Yet, the history of the plant as a cosmetic is slowly becoming in vogue. According to data obtained from the Environmental Working Group’s Skin Deep Database which analyzes the risk factors for individual ingredients in cosmetic formulations there are 66 products currently on the market that list annatto seed extract as an ingredient, another 6 that list CI 75120, and yet another 4 that use Bixa orellana extract. These are all formulations that have come out since 2008 which shows the slow but growing popularity of the ingredient.

Gifts From the Lipstick Tree

Gifts From the Lipstick Tree

One such product was released by the cosmetic company Tarte in 2012 as a collection called “The Gifts of the Lipstick Tree.” It was a collection of a lipstick, a gloss, and blush that was marketed as:

 a healthy dose of color… infused with pigments and ingredients derived from the Amazon. Tarte’s most recent finding from their rainforest travels is achiote, a secret amongst Brazil’s beautiful women,  known for the honeysuckle shade produced from the seeds of the fruit it bears. With natural pigments derived from this “lipstick tree,” the warm, shimmering golden pink shade is universally flattering

The collection quickly sold out. Currently on the market is a body bronzer that utilizes the coloring agents of annatto to “tan” the skin when lightly applied.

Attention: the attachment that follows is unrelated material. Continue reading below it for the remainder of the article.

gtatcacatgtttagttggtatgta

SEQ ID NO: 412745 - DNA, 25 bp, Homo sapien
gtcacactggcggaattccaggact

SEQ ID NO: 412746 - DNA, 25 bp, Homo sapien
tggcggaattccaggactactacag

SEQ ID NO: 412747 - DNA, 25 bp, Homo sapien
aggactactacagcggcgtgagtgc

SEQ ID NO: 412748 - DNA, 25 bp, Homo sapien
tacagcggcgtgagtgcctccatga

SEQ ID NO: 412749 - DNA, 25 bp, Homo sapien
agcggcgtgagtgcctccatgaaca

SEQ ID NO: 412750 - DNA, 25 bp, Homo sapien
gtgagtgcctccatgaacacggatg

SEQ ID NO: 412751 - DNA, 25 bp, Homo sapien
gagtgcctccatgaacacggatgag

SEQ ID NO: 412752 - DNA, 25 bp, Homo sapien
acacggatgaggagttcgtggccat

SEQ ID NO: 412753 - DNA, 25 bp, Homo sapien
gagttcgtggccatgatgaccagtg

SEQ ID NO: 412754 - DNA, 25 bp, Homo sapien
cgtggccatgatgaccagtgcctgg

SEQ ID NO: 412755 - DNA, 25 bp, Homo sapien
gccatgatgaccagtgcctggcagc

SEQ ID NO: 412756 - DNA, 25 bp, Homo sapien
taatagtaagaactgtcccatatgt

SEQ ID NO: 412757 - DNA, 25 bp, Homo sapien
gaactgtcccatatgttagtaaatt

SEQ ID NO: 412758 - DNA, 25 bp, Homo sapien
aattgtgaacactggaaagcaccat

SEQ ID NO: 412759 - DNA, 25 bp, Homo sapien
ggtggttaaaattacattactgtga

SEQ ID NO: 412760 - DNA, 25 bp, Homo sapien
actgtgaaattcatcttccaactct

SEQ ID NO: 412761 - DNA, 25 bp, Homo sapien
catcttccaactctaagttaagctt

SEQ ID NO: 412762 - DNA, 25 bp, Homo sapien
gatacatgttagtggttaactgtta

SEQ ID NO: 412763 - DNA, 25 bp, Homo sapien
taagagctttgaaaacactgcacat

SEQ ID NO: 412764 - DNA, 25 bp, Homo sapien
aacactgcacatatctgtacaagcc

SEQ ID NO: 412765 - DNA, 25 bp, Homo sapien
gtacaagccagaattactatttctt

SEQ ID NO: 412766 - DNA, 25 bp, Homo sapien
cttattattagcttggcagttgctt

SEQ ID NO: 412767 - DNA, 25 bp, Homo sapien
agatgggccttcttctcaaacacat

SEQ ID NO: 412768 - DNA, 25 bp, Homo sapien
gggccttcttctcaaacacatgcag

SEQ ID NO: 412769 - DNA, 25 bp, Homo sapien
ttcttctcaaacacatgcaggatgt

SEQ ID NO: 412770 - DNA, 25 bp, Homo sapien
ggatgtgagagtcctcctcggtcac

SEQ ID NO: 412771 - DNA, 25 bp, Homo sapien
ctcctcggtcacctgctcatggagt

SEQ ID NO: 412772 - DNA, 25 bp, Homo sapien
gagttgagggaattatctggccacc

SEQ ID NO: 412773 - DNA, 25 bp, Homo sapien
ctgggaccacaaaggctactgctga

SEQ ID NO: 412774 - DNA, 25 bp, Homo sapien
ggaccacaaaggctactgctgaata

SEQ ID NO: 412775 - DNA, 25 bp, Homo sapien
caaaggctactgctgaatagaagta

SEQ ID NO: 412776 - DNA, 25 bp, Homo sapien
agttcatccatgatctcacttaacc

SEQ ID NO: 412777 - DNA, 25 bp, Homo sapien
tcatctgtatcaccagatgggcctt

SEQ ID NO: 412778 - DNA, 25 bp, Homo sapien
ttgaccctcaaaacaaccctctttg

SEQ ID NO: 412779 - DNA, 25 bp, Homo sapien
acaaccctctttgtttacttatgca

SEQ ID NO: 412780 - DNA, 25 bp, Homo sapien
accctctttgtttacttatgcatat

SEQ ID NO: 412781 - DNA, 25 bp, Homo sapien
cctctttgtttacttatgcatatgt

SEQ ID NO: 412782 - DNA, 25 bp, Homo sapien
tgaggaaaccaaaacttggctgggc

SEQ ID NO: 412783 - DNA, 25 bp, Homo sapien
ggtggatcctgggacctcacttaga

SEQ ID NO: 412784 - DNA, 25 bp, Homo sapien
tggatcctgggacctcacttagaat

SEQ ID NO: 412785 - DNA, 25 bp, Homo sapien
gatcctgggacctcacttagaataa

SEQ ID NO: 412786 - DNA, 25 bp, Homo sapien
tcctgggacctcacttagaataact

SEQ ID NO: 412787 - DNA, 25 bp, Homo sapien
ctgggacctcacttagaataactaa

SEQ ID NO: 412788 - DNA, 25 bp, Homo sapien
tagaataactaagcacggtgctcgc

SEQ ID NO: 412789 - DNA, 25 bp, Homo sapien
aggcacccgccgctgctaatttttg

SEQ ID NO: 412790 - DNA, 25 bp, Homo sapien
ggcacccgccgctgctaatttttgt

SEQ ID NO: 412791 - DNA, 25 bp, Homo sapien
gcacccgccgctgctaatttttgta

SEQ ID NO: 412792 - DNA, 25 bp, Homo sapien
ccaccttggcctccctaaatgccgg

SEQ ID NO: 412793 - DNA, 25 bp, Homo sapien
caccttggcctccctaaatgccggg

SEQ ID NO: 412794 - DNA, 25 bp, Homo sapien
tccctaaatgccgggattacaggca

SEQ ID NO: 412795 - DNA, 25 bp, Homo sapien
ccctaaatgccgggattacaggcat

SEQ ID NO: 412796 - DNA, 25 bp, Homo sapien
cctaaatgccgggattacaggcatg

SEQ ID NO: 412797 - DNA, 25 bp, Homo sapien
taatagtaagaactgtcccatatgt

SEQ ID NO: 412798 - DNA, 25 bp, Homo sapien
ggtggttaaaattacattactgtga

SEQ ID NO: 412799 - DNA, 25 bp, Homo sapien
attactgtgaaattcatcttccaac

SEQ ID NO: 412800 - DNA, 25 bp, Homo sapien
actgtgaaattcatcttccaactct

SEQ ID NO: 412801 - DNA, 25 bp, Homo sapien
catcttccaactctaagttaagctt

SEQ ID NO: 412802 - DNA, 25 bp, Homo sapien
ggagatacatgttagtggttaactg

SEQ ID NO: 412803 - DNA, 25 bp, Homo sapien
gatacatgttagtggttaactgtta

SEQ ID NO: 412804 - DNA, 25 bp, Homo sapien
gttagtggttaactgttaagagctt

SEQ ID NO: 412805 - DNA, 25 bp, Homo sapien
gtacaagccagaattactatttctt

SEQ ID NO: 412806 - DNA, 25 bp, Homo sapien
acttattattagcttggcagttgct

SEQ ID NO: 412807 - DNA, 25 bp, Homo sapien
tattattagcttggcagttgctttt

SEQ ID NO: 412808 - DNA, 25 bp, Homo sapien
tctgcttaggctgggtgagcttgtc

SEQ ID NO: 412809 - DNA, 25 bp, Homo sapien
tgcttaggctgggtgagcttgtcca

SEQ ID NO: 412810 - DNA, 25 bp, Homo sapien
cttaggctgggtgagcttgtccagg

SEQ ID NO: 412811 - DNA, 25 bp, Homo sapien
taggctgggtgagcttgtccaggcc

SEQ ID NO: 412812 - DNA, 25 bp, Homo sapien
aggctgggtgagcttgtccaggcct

Pennyroyal: A Tale of Two Herbs

Sorry I’ve been absent in writing for so long. I’ve been focusing on my other project and working and there are only so many hours in the day, it seems. However, yesterday’s SCOTUS ruling in Burwell V. Hobby Lobby has reignited my passion in all things sexual health related so here we are.

If you’ve been an avid reader of this blog, you know that I already covered Pennyroyal about a year ago. But like any good long term project, new information is always coming to light. I’ve uncovered a few more interesting facts so I thought I’d simply rewrite the post rather than amending the old and expecting anyone to see it buried in the archives of the internet.

As we learned before, Pennyroyal is actually the common name of two different herbs: Mentha pulegium (the European variety) and Hedeoma pulegioides (the American variety). Although very similar in appearance and both members of the mint family, the European Pennyroyal is a perennial herb while the American type is annual. M. pulegium can be distinguished by the flowers which contain four stamens, while H. pulegioides has only two (Hylton and Kowalchik 1987).

Mentha pulegium

European Pennyroyal

European Pennyroyal

When we talk about the use of Pennyroyal in antiquity this is the herb in question, since the American variety wasn’t “discovered” (and I use that term loosely) until colonization by the Europeans. And we do talk about this herb in antiquity.

In 421 B.C.E  Aristophanes wrote in his play “Peace”:

Hermes: If that be so, receive Opora here for a wife; take her to the country, live with her, and grow fine grapes together.
Trygaeus to Opora: Come, my dear one, come and accept my kisses.
Trygaeus to Hermes: Tell me, Hermes, my master, do you think it would hurt me to love her a little, after so long an abstinence?
Hermes: No, not if you swallow a portion of penny-royal afterwards.

Basically, Trygaeus is given this woman as a new female companion and he immediately asks his master what would happen if he gets her pregnant. The answer is to simply apply pennyroyal, rinse, repeat. Problem solved! Continue reading